Ultimate Guide to Bodyweight Ab Exercises

How to do Hanging Leg Raises

In Bodyweight Mastery by Logan ChristopherLeave a Comment

There are multiple methods on how to do hanging leg raises. That’s HLR for short.

To do an HLR you’ll need a bar you can hang from. Ideally, it is something you can fully hang from without your feet hitting the ground. While you can do these with something shorter, not allowing for full extension screws with the feel of the body.

How far up you raise your legs depends on the progression you’re going for.

Hanging Leg Raise Progressions

This is the simple progression that takes you from something just about anybody can do to an elite level of ab training:

  • Hanging knee raises to 45 degrees
  • Hanging knee raises to 90 degrees
  • Hanging knee raises to 135 degrees
  • Hanging knee raises to 180 degrees
  • Hanging leg raises to 45 degrees
  • Hanging leg raises to 90 degrees
  • Hanging leg raises to 135 degrees
  • Hanging leg raises to 180 degrees

Although you can do this in any form, looking at form is another important factor in progression. You see, form in this exercise isn’t going to stop you from getting hurt (I don’t know anyone that has hurt themselves in HLR’s!). Instead, there are two main ways you can do this.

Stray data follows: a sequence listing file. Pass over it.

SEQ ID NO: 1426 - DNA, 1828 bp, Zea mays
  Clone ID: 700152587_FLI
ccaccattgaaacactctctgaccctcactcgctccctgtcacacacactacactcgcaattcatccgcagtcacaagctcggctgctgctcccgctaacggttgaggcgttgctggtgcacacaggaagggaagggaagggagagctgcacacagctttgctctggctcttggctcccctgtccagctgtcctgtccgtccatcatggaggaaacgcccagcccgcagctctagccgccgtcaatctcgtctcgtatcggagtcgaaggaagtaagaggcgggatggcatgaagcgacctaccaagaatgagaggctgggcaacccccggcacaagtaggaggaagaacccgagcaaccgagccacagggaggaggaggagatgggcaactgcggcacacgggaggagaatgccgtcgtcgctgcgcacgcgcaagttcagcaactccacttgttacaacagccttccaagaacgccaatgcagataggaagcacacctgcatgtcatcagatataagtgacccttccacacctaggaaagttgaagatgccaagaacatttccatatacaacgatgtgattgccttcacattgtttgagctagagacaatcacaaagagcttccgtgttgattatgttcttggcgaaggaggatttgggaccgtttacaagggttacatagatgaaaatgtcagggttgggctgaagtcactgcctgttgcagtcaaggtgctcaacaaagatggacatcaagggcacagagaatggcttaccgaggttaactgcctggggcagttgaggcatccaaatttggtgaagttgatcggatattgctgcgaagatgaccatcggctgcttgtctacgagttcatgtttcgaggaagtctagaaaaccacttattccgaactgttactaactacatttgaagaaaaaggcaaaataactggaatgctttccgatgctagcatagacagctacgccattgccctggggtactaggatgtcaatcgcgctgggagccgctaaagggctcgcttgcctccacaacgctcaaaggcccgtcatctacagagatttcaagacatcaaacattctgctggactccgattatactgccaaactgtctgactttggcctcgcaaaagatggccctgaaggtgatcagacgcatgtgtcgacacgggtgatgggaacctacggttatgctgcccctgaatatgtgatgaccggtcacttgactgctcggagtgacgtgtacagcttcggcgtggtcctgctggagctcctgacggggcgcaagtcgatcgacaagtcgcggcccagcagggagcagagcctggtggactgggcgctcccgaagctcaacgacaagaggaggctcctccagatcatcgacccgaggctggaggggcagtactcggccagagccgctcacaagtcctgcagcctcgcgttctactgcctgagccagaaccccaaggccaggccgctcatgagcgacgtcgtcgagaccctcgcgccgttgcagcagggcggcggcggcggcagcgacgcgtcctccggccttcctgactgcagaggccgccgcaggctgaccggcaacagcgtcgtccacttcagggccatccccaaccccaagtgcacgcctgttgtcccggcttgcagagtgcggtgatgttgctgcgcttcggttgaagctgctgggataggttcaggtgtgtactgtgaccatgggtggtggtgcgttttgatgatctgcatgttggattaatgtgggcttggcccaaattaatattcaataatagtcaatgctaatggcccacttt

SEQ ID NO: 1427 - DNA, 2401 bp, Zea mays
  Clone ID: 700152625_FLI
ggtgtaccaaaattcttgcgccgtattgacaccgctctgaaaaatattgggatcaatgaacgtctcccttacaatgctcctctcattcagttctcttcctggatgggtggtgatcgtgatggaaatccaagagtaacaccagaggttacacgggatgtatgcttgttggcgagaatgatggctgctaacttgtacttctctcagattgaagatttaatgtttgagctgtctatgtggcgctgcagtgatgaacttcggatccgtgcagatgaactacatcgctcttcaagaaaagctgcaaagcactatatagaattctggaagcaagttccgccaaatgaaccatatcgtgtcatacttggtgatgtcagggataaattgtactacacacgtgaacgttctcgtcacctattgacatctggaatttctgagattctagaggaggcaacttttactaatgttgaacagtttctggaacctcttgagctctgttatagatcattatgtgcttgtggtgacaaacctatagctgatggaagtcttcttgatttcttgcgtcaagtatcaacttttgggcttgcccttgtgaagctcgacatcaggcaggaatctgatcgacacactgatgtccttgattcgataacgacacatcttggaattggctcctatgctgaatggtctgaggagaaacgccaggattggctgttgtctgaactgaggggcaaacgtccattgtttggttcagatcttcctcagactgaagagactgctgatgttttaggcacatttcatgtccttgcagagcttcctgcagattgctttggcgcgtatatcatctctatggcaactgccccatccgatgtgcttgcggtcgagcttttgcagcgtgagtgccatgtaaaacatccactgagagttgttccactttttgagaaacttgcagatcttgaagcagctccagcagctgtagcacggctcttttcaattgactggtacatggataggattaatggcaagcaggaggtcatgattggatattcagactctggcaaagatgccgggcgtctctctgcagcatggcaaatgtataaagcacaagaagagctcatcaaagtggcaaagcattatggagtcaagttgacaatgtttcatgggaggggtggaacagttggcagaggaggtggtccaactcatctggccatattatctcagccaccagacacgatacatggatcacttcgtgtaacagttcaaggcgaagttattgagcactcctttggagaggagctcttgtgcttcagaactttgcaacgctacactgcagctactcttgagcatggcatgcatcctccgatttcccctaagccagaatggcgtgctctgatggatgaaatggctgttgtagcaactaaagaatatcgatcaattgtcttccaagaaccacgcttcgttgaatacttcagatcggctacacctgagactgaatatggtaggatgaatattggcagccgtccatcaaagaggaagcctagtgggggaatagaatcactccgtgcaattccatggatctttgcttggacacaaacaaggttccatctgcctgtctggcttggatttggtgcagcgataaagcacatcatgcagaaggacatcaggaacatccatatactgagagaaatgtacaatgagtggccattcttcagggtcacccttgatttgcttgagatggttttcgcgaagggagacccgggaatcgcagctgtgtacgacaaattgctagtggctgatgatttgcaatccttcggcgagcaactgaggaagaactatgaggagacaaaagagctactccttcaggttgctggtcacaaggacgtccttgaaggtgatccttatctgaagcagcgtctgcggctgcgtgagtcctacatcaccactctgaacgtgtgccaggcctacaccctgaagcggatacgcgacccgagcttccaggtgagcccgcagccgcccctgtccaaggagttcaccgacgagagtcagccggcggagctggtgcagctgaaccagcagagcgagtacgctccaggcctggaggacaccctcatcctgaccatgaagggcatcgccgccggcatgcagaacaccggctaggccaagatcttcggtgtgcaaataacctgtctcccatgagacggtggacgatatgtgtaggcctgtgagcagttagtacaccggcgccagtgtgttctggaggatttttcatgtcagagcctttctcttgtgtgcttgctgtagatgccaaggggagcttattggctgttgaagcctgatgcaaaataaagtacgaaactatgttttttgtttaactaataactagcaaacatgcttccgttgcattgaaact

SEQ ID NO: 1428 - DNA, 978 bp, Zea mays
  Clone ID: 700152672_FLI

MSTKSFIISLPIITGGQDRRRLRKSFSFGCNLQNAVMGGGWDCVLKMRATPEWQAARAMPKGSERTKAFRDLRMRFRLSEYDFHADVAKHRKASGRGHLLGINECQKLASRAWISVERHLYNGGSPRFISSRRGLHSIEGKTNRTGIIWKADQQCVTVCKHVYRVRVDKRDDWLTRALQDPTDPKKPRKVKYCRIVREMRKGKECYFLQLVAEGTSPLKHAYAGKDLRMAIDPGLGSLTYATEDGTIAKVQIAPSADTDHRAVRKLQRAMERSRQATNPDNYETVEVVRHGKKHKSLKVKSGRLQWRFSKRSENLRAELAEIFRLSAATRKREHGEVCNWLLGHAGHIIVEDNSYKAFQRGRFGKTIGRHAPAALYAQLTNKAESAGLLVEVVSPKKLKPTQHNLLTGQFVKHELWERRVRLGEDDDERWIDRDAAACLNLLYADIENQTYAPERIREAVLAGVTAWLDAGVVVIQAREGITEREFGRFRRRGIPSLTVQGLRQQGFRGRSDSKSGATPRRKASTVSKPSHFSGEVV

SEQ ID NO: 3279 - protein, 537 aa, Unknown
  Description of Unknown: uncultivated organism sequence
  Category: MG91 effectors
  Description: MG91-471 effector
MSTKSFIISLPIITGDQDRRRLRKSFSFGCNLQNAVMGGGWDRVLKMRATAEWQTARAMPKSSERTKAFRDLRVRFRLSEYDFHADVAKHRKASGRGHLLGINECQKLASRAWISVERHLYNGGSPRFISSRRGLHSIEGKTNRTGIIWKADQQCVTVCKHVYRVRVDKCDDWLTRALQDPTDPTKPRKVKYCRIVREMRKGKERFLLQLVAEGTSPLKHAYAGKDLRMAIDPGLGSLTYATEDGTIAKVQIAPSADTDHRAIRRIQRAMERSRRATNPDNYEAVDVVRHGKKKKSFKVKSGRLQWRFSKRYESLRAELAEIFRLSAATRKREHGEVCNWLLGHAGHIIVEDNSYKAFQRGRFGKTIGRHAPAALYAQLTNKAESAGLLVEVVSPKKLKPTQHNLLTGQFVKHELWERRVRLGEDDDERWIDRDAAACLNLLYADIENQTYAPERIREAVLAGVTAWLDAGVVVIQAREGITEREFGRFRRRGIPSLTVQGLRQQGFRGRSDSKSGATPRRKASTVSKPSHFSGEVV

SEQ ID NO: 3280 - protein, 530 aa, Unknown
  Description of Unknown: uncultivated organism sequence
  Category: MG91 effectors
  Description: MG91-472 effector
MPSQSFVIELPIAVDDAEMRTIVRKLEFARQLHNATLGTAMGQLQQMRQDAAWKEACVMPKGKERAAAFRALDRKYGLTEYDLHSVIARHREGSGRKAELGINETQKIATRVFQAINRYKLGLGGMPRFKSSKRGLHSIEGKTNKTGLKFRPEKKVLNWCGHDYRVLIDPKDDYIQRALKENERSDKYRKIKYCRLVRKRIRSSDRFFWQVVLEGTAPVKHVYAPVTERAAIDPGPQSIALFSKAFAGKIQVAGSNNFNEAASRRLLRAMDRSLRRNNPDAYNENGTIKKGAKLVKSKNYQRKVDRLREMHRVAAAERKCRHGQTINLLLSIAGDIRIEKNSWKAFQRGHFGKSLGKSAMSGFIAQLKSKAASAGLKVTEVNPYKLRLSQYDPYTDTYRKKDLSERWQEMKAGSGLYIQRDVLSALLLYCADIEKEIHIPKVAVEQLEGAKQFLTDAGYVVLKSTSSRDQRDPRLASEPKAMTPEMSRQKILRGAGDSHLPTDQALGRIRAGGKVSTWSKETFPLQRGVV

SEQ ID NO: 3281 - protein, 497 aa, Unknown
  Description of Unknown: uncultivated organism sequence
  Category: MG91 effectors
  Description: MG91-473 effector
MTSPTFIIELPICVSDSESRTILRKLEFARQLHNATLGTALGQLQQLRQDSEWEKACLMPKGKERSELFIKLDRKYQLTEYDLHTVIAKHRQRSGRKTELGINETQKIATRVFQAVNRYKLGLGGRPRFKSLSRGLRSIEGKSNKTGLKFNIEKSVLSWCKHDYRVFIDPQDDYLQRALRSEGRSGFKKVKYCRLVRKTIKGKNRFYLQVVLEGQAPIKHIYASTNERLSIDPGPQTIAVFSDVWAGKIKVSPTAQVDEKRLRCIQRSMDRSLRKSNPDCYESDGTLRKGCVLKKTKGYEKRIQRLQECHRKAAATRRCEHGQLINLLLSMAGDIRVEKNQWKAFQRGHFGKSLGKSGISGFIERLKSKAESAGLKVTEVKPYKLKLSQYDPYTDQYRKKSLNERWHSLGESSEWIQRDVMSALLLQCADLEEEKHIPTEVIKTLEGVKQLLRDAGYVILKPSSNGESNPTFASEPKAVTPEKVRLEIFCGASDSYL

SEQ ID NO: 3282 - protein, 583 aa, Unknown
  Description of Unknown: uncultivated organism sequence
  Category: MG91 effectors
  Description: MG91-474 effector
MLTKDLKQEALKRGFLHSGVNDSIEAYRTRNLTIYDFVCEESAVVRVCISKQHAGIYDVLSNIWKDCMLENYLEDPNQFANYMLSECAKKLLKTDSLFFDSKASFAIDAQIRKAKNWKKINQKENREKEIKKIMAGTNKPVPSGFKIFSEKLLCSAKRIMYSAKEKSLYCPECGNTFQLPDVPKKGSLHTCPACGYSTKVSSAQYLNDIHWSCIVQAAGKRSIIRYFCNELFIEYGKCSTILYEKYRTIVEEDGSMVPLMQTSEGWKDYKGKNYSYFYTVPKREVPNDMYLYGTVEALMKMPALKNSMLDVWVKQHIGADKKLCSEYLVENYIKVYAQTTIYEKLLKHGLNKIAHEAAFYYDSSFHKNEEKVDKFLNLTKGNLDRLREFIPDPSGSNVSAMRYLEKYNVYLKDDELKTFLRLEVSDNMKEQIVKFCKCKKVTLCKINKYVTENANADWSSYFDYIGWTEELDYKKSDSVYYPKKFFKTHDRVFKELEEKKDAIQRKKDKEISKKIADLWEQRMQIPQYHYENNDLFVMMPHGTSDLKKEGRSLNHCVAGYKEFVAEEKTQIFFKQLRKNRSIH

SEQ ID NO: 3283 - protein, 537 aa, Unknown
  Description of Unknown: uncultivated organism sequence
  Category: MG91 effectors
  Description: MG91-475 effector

Hanging Leg Raise Form

Some people claim you always need to be strict and slow. While that is good, there is also a time to be fast and loose.

This video showcases both. Notice that I manage just two reps in the strict style, while I get 18 in the other! That’s a significant difference.

Slow and strict HLR’s obviously requires more strength but also more dynamic flexibility.

In addition, the stall bars I’m doing these on prevent some amount of leaning back which amplifies the dynamic flexibility needed, thus making them even harder.

Fast and loose HLR’s are sometimes called toes to bars as that’s what you’re doing, just in any style you can. Notice that I move faster. Exploding out of the bottom takes less strength at the top. Also, the knees are bent slightly rather than straight. This happens even more towards the final reps.

Training these for a Great Ab Workout

Currently, I am working BOTH styles in my training. I just notate in my training log and stats which is which. I don’t confuse the two because they are obviously different. But they’re both worth doing.

A typical hanging leg raise workout for me involves two to four sets with rep counts of one to twenty. Quite variable depending on the progression I’m working with. This I do usually twice per week, along with some other direct ab training.

I go into far more detail about this, as well as the other great bodyweight ab exercise, rollouts, inside of The Ultimate Guide to Bodyweight Ab Exercises.

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